Gustave Doré was born in Strasbourg, and began to demonstrate a talent for drawing at an early age. When he was 15, his caricatures scaught the eye of Charles Philippon, the editor of Le Charivari in Paris, who promptly offered him a job. Doré, largely self-taught, also set himself the task of illustrating a selection of literary masterpieces, among them Dante's Divine Comedy, Milton's Paradise Lost, and Byron's Complete works. He gained renown as an illustrator and, later, as a painter, opening the Doré Gallery on New Bond Street, London, in 1868. His paintings, often large format, can be considered a link between Romanticism and Symbolism, and he explored such monumental themes as the fate of mankind and the horrors of war.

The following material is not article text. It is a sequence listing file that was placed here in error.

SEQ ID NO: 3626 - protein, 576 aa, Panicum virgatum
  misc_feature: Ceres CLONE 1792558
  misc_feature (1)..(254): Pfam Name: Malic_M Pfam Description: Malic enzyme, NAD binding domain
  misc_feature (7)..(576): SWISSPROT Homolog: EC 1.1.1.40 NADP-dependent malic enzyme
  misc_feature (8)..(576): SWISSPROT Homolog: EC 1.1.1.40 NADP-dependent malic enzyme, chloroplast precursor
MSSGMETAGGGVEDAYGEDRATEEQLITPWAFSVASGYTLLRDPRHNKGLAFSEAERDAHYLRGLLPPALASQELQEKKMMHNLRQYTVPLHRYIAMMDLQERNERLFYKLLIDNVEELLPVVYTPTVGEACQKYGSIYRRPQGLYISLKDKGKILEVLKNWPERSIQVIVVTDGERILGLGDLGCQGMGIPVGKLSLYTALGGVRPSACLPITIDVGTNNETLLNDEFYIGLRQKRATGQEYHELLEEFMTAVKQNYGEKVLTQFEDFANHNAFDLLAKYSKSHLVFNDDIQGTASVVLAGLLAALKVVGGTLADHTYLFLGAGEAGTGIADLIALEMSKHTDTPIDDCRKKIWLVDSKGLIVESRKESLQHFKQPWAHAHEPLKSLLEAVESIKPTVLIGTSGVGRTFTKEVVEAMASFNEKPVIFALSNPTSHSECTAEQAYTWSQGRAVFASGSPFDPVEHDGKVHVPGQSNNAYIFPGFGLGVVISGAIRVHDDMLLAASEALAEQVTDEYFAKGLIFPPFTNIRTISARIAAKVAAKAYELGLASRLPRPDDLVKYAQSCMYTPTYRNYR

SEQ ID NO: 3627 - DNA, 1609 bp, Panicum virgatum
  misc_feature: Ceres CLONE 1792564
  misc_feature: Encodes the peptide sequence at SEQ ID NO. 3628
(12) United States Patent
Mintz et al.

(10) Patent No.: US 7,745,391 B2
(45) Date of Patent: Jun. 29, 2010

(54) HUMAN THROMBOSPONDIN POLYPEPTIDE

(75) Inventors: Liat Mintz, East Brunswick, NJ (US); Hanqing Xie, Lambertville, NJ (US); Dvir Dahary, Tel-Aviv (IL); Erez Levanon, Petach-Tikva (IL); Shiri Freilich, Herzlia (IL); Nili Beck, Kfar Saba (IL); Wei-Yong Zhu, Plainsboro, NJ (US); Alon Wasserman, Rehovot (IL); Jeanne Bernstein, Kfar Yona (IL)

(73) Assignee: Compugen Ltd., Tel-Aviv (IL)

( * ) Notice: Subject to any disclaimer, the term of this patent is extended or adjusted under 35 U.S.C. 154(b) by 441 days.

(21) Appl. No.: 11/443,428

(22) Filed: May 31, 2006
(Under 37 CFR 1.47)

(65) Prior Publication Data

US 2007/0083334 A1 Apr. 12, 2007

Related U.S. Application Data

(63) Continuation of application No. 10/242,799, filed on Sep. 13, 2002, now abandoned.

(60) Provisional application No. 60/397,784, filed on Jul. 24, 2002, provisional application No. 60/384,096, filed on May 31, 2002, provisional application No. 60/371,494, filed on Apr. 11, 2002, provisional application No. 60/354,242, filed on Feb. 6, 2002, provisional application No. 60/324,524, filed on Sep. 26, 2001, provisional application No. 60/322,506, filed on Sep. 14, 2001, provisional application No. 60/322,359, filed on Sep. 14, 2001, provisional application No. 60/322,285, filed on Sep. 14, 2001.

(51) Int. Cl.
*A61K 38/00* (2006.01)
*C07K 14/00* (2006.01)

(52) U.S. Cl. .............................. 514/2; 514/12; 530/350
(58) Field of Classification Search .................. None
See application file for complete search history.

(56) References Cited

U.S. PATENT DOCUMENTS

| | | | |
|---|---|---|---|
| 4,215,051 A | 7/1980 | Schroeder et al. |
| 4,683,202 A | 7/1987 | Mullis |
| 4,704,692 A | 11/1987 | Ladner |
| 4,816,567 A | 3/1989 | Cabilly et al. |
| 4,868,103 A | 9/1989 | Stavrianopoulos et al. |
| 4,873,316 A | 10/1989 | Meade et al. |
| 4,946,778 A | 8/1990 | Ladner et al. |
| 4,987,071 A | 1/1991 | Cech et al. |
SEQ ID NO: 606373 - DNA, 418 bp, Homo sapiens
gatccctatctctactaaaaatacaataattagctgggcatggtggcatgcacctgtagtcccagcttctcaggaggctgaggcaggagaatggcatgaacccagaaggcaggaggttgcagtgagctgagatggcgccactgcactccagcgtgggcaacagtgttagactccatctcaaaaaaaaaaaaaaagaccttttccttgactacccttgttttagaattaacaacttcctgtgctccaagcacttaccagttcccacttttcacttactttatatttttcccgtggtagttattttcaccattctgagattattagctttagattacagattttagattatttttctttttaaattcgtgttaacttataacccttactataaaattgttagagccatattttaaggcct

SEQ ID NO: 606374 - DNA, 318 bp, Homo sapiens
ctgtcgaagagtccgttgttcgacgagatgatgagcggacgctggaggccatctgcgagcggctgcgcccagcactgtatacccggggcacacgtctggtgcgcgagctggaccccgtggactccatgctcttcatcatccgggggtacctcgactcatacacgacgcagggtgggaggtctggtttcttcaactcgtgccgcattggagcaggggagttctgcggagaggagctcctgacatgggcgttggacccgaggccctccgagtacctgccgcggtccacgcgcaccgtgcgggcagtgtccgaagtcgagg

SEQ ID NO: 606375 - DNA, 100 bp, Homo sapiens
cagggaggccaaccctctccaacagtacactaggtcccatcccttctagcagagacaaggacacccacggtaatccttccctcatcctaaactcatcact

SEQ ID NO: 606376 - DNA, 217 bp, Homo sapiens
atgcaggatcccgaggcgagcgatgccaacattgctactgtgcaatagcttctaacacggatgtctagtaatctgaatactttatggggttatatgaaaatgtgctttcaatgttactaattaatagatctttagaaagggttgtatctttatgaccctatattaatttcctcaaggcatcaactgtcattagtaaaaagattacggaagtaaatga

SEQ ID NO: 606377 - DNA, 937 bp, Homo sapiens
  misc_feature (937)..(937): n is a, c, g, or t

Doré is known to have painted several versions of this subject, the largest of which, measuring an impressive 20 x 30 feet, was exhibited at the Paris salon of 1876. The present painting, a preparatory sketch, is handled in a much freer and looser manner; a second preparatory sketch, in watercolor, was offered at Sotheby's in New York (23 May 1996, lot 453). Doré's composition was engraved by A. François.